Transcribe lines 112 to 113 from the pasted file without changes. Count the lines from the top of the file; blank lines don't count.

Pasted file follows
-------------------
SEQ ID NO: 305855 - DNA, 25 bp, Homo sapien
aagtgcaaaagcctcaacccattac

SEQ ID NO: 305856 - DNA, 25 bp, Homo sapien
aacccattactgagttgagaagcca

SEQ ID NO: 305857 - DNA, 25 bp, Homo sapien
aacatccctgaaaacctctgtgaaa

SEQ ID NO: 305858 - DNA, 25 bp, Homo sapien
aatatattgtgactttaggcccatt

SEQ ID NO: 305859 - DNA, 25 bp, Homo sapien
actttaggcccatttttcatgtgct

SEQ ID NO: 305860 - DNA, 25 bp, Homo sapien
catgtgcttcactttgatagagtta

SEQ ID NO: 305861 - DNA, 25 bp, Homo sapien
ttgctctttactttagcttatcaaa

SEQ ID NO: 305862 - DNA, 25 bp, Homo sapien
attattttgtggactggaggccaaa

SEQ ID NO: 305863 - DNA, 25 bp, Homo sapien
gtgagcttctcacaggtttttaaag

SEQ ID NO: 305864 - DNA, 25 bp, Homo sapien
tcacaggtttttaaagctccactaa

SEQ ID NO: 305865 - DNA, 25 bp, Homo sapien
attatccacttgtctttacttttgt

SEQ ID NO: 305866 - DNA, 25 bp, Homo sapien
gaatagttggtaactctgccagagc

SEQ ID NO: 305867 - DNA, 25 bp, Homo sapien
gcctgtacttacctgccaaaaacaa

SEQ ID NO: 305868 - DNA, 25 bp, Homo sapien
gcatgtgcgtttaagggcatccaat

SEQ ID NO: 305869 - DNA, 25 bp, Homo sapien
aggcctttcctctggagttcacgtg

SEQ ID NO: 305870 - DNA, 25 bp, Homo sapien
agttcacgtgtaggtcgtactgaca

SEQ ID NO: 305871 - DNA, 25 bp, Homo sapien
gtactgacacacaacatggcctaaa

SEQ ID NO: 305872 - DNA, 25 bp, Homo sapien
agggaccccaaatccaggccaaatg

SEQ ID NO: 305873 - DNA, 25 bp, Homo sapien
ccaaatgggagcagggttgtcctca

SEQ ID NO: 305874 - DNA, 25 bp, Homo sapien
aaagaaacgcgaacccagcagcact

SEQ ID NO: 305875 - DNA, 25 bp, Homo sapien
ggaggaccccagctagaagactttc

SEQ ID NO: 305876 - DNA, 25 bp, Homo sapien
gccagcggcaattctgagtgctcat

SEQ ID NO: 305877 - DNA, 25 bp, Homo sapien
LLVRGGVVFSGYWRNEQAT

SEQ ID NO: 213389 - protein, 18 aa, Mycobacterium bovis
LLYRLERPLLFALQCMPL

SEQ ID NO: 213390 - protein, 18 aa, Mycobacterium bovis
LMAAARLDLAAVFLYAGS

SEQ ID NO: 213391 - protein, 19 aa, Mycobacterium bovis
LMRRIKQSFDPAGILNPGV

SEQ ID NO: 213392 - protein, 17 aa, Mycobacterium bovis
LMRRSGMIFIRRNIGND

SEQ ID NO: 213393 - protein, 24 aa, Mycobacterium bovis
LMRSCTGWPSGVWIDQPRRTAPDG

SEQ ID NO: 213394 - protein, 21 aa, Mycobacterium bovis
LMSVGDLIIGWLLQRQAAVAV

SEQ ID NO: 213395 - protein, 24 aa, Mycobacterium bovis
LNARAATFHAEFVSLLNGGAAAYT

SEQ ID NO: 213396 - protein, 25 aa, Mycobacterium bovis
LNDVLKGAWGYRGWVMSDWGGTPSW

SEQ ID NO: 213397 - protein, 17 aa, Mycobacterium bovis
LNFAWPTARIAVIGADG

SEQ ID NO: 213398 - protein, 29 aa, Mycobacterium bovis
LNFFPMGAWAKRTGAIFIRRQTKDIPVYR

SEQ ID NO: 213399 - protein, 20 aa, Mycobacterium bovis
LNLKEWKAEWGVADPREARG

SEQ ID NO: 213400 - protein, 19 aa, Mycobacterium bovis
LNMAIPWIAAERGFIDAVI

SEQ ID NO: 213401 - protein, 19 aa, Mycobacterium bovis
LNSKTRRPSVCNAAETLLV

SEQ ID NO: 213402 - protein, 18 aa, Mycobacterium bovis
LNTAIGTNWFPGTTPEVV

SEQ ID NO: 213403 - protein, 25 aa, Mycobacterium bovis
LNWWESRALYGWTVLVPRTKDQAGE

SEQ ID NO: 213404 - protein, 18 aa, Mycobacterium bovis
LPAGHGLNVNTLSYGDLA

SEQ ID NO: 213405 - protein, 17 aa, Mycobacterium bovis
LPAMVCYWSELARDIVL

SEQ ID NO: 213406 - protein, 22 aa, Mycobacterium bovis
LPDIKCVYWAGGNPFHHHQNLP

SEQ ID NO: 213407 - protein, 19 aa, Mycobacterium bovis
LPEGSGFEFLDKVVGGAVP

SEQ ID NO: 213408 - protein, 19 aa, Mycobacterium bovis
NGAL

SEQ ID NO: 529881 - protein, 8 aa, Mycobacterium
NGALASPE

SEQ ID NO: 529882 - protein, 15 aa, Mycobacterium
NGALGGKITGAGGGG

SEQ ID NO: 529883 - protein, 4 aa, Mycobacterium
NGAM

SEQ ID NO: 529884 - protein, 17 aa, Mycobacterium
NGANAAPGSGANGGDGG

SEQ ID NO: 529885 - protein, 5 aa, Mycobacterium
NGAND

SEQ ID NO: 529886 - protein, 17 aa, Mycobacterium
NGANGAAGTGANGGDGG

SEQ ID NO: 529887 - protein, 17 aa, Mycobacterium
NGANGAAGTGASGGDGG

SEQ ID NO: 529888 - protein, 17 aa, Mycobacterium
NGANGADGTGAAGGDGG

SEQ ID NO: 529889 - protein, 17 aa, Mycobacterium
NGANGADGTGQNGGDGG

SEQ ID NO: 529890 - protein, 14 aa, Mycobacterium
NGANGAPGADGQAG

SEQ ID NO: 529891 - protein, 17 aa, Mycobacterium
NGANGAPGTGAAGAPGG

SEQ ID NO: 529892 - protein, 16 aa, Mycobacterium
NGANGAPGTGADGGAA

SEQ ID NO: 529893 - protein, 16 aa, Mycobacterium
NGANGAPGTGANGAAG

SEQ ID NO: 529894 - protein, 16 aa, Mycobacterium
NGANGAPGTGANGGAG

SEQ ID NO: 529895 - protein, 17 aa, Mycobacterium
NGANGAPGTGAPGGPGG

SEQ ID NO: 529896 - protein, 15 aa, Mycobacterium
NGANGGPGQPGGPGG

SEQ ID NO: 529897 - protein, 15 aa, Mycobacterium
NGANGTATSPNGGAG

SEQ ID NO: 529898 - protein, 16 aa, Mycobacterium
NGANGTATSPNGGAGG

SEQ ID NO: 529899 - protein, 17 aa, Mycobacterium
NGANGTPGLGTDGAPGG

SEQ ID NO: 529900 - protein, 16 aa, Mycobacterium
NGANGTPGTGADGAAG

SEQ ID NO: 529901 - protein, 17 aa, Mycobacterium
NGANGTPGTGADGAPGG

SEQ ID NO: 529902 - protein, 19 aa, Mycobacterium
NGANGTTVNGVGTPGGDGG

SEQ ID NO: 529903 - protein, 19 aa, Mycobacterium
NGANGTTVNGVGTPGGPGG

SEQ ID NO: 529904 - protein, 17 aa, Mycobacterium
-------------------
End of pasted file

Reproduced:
NGANGAPGTGANGAAG

SEQ ID NO: 529894 - protein, 16 aa, Mycobacterium